Flavor - No extra sweetness. Not sure whether this was due to not burning it, or the tomato paste, but either way I was pleased.

If I hadn't known this was fake meat, I'm not sure I would have noticed any difference, at least for the taco application - I'll probably try this in other meals in the future.

Final grade: A+

Lightlife Smart Ground, first try

The first product I tested was Lightlife Smart Ground. I was using it to make tacos, which is slightly cheating, because one would assume that the boldness of the taco seasoning would overwhelm any weird flavors in the fake meat. This was desirable for my first attempt. Plus, tacos are awesome.

To prepare the fake meat, I tossed it in a skillet, broke up the big blob of ... product. I have to admit, I was a little trepidatious. This was the test run for the actual taco date with the pescetarians, so I wanted it to go well. This stuff looked weird. Once I got it broken up into crumbles, though, it did kind of look like meat. I applied heat, and got it all warm. (no actual cooking required - a bonus for some people) I sprinkled on the taco seasoning, and stirred in however much water it called for, 2/3 cup maybe? It thickened immediately. It was freakishly fast, probably because it was already hot. I had one other thing to finish up before the tacos were ready to eat, so I let the seasoned fake meat sit on the heat for a little while to let the flavors meld. That was a mistake. When I came back to it maybe a minute or two later, it was burned. Oops. We used it anyway, since it was only burned a little bit on the bottom - I quickly scraped it out of the hot pan and into a bowl to prevent any further burning.

The experience:

Texture - distressingly mushy
Flavor - despite the taco seasoning, there was a pervasive sweetness that was pretty unpleasant

My roommate ate it, not knowing it was fake meat, and when the deceit was revealed to him afterward, he said he thought it tasted funny. I thought it was kind of awful, and made plans to change my technique for taco date night a few days hence.

Interesting note: over the next couple days, as I ate the leftovers, the texture (and to some extent, the flavor) of the fake meat improved. This gave me hope for future attempts.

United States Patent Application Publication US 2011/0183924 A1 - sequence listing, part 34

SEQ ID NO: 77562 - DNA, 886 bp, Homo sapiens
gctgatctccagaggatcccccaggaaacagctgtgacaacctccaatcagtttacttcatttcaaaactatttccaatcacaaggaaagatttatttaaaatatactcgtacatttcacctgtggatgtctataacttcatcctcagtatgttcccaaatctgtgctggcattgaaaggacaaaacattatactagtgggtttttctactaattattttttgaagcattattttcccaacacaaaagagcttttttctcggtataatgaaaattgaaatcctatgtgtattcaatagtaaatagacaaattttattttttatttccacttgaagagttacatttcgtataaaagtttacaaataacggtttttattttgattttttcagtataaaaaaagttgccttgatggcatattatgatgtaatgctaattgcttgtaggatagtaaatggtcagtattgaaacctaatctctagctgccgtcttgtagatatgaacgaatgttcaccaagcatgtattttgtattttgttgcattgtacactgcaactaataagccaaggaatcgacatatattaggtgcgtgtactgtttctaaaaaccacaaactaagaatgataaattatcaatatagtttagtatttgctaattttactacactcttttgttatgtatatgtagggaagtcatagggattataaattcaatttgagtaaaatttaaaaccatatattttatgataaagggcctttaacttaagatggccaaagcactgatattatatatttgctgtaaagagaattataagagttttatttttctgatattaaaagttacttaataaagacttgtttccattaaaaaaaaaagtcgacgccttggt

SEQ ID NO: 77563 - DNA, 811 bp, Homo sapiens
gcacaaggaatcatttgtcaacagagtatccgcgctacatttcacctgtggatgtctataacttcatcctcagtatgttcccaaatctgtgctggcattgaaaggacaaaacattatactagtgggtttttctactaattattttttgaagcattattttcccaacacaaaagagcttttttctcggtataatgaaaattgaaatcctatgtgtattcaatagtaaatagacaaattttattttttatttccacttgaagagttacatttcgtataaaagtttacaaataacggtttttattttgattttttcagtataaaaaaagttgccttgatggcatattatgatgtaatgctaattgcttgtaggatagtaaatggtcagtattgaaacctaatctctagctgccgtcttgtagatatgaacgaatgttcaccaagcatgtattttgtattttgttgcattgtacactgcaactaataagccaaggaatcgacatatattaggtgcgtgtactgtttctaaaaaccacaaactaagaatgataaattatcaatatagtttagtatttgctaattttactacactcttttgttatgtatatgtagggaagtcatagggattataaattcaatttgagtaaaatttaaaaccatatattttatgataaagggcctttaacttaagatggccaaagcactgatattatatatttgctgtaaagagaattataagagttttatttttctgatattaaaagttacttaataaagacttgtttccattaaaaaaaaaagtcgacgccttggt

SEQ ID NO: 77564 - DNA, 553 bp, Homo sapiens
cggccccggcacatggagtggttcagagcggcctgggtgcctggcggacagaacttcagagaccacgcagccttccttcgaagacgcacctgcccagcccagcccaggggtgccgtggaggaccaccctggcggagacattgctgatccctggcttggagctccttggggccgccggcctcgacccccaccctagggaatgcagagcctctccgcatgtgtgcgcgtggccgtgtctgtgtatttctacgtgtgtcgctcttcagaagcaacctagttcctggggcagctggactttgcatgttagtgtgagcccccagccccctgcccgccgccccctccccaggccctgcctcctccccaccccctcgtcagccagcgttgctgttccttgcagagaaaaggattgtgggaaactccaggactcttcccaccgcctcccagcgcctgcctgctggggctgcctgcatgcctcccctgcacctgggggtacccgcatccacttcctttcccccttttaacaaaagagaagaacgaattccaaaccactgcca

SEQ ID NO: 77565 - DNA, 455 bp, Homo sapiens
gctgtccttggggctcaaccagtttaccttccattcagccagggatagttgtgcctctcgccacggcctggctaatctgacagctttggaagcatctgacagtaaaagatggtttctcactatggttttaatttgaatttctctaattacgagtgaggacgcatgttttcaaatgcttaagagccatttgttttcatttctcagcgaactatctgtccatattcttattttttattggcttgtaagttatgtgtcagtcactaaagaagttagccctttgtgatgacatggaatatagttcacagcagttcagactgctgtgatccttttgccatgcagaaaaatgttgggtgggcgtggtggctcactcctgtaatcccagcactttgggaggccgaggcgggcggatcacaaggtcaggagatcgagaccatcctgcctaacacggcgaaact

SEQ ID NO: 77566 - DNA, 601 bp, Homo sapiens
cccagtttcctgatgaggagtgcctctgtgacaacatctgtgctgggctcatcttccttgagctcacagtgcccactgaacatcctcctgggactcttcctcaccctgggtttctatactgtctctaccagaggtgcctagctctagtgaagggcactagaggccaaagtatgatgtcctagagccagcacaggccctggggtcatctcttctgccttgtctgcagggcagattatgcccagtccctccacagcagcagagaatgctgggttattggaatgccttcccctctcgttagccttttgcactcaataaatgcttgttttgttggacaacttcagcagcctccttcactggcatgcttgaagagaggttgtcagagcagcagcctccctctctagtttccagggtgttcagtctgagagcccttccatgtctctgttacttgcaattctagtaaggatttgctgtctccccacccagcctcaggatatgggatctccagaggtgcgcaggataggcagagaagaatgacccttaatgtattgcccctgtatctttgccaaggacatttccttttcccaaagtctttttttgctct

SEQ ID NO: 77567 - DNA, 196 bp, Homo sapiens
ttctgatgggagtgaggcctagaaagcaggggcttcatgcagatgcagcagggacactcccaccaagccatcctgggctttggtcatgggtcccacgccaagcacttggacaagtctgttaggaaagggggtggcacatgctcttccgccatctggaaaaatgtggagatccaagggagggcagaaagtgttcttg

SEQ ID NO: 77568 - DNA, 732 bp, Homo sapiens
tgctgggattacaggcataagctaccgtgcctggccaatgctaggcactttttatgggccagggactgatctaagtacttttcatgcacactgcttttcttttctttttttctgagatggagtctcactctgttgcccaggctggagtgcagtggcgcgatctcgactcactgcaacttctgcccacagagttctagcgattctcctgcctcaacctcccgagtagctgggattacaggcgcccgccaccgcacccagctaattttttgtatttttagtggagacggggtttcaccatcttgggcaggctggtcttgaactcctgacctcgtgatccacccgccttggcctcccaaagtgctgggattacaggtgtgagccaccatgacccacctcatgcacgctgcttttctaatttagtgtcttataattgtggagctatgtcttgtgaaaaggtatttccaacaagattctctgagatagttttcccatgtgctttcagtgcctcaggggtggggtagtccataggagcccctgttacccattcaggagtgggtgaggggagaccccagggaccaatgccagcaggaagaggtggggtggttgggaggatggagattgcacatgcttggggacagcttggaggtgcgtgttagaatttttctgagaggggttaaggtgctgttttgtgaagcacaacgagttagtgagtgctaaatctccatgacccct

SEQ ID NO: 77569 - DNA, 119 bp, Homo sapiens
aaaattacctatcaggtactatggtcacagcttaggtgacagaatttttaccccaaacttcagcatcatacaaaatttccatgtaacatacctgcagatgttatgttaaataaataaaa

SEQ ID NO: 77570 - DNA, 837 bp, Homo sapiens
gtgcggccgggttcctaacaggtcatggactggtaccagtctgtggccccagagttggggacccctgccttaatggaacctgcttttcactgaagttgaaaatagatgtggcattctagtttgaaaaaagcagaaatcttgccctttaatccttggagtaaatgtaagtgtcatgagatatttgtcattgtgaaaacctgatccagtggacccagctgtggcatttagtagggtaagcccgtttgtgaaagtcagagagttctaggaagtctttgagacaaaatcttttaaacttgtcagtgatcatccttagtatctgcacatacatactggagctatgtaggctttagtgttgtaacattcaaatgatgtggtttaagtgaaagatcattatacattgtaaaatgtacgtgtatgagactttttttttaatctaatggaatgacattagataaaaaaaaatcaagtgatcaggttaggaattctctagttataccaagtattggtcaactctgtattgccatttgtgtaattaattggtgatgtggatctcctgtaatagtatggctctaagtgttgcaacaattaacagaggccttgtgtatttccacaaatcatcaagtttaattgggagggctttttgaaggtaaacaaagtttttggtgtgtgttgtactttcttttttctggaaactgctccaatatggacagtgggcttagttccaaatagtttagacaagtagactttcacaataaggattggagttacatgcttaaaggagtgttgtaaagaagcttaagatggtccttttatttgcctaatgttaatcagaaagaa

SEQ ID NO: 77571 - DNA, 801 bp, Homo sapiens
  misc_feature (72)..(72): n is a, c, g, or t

Final grade for this attempt: C

August 24, 2009

First Post!

Hello! I am an unabashed omnivore exploring the crazy world of meat alternatives. Why am I doing this? Several reasons:

1. I am in culinary school, so I feel the need to expand my culinary horizons

2. I keep accumulating friends who are vegetarians and vegans and want to impress them with my non-meat cooking skills, since my best meat dishes aren't going to cut it with them.

3. With fake meat products usually having little to no fat, and no cholesterol, they do seem healthier than meat, so for general health reasons, it seems like a good thing to explore.

When first embarking on this adventure, I checked online for reviews of the different brands of fake meats - I found the occasional review for a single brand, but nothing comparative. So-and-so thought this one brand was okay. But is it better than some other brand? Who knows? Also, I didn't find anything comparing fake meat to real meat. I wanted to know: is this tasty? or it is just tasty relative to other fake meats? How is the texture? How does it look? Would meat eaters enjoy it as well?

So those are the questions I'm here to answer. I plan on giving each brand a couple tries, just to get over the weirdness factor, and possibly correct any errors in preparation, in case that affected the final product. I hope you enjoy my adventures and find them useful.